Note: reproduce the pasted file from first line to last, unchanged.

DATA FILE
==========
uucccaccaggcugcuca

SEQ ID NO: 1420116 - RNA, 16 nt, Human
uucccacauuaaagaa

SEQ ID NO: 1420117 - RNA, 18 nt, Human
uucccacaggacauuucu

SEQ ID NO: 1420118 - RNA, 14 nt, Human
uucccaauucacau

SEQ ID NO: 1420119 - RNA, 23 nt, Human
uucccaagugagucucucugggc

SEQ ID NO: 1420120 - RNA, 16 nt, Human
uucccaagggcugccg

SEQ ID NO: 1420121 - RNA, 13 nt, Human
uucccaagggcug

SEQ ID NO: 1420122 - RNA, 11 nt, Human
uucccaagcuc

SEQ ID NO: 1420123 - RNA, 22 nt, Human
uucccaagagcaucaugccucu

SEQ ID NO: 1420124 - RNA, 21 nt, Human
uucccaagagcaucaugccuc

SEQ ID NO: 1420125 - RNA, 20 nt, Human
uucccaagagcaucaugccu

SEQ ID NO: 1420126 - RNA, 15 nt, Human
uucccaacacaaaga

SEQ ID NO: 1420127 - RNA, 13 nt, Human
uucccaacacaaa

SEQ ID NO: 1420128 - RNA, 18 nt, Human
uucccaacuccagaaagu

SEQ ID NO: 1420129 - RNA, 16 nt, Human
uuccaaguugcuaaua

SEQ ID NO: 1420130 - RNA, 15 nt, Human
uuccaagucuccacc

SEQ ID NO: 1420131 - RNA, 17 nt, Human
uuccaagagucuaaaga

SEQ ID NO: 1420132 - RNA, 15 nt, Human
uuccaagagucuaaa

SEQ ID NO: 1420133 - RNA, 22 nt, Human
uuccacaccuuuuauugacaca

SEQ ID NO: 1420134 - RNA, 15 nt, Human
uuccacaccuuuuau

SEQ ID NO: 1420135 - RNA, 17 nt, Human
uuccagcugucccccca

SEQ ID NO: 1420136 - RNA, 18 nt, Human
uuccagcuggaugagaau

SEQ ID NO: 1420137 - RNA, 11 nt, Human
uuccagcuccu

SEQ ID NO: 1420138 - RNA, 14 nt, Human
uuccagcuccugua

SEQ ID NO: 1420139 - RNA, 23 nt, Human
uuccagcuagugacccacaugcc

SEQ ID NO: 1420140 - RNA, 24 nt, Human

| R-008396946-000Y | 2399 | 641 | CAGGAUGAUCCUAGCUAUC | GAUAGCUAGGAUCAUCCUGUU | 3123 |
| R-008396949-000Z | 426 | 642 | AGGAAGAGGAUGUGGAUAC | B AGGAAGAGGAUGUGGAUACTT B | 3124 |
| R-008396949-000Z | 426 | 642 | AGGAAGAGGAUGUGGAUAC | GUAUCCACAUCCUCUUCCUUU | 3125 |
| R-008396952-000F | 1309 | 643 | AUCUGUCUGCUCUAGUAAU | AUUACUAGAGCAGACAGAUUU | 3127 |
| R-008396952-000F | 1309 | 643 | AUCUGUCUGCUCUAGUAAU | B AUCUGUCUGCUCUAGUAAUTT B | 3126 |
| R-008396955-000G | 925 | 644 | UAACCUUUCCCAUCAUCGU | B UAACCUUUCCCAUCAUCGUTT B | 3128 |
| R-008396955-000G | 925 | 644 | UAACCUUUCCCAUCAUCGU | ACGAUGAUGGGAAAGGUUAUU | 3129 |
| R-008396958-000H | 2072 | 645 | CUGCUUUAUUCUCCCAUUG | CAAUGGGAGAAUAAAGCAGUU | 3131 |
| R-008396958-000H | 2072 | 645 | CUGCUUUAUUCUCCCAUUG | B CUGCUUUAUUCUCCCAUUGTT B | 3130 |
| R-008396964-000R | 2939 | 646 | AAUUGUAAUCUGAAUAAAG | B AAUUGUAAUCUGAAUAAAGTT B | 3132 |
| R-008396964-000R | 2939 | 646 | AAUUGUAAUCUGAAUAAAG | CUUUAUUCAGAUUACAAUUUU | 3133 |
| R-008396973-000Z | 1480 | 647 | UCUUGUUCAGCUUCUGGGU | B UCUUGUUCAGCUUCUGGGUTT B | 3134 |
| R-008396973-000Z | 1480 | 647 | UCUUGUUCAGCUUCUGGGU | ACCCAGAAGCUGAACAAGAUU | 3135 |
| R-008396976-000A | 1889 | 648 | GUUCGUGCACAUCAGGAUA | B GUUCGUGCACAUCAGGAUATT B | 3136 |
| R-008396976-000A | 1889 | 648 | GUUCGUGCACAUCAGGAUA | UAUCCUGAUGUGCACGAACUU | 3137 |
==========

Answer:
uucccaccaggcugcuca

SEQ ID NO: 1420116 - RNA, 16 nt, Human
uucccacauuaaagaa

SEQ ID NO: 1420117 - RNA, 18 nt, Human
uucccacaggacauuucu

SEQ ID NO: 1420118 - RNA, 14 nt, Human
uucccaauucacau

SEQ ID NO: 1420119 - RNA, 23 nt, Human
uucccaagugagucucucugggc

SEQ ID NO: 1420120 - RNA, 16 nt, Human
uucccaagggcugccg

SEQ ID NO: 1420121 - RNA, 13 nt, Human
uucccaagggcug

SEQ ID NO: 1420122 - RNA, 11 nt, Human
uucccaagcuc

SEQ ID NO: 1420123 - RNA, 22 nt, Human
uucccaagagcaucaugccucu

SEQ ID NO: 1420124 - RNA, 21 nt, Human
uucccaagagcaucaugccuc

SEQ ID NO: 1420125 - RNA, 20 nt, Human
uucccaagagcaucaugccu

SEQ ID NO: 1420126 - RNA, 15 nt, Human
uucccaacacaaaga

SEQ ID NO: 1420127 - RNA, 13 nt, Human
uucccaacacaaa

SEQ ID NO: 1420128 - RNA, 18 nt, Human
uucccaacuccagaaagu

SEQ ID NO: 1420129 - RNA, 16 nt, Human
uuccaaguugcuaaua

SEQ ID NO: 1420130 - RNA, 15 nt, Human
uuccaagucuccacc

SEQ ID NO: 1420131 - RNA, 17 nt, Human
uuccaagagucuaaaga

SEQ ID NO: 1420132 - RNA, 15 nt, Human
uuccaagagucuaaa

SEQ ID NO: 1420133 - RNA, 22 nt, Human
uuccacaccuuuuauugacaca

SEQ ID NO: 1420134 - RNA, 15 nt, Human
uuccacaccuuuuau

SEQ ID NO: 1420135 - RNA, 17 nt, Human
uuccagcugucccccca

SEQ ID NO: 1420136 - RNA, 18 nt, Human
uuccagcuggaugagaau

SEQ ID NO: 1420137 - RNA, 11 nt, Human
uuccagcuccu

SEQ ID NO: 1420138 - RNA, 14 nt, Human
uuccagcuccugua

SEQ ID NO: 1420139 - RNA, 23 nt, Human
uuccagcuagugacccacaugcc

SEQ ID NO: 1420140 - RNA, 24 nt, Human

| R-008396946-000Y | 2399 | 641 | CAGGAUGAUCCUAGCUAUC | GAUAGCUAGGAUCAUCCUGUU | 3123 |
| R-008396949-000Z | 426 | 642 | AGGAAGAGGAUGUGGAUAC | B AGGAAGAGGAUGUGGAUACTT B | 3124 |
| R-008396949-000Z | 426 | 642 | AGGAAGAGGAUGUGGAUAC | GUAUCCACAUCCUCUUCCUUU | 3125 |
| R-008396952-000F | 1309 | 643 | AUCUGUCUGCUCUAGUAAU | AUUACUAGAGCAGACAGAUUU | 3127 |
| R-008396952-000F | 1309 | 643 | AUCUGUCUGCUCUAGUAAU | B AUCUGUCUGCUCUAGUAAUTT B | 3126 |
| R-008396955-000G | 925 | 644 | UAACCUUUCCCAUCAUCGU | B UAACCUUUCCCAUCAUCGUTT B | 3128 |
| R-008396955-000G | 925 | 644 | UAACCUUUCCCAUCAUCGU | ACGAUGAUGGGAAAGGUUAUU | 3129 |
| R-008396958-000H | 2072 | 645 | CUGCUUUAUUCUCCCAUUG | CAAUGGGAGAAUAAAGCAGUU | 3131 |
| R-008396958-000H | 2072 | 645 | CUGCUUUAUUCUCCCAUUG | B CUGCUUUAUUCUCCCAUUGTT B | 3130 |
| R-008396964-000R | 2939 | 646 | AAUUGUAAUCUGAAUAAAG | B AAUUGUAAUCUGAAUAAAGTT B | 3132 |
| R-008396964-000R | 2939 | 646 | AAUUGUAAUCUGAAUAAAG | CUUUAUUCAGAUUACAAUUUU | 3133 |
| R-008396973-000Z | 1480 | 647 | UCUUGUUCAGCUUCUGGGU | B UCUUGUUCAGCUUCUGGGUTT B | 3134 |
| R-008396973-000Z | 1480 | 647 | UCUUGUUCAGCUUCUGGGU | ACCCAGAAGCUGAACAAGAUU | 3135 |
| R-008396976-000A | 1889 | 648 | GUUCGUGCACAUCAGGAUA | B GUUCGUGCACAUCAGGAUATT B | 3136 |
| R-008396976-000A | 1889 | 648 | GUUCGUGCACAUCAGGAUA | UAUCCUGAUGUGCACGAACUU | 3137 |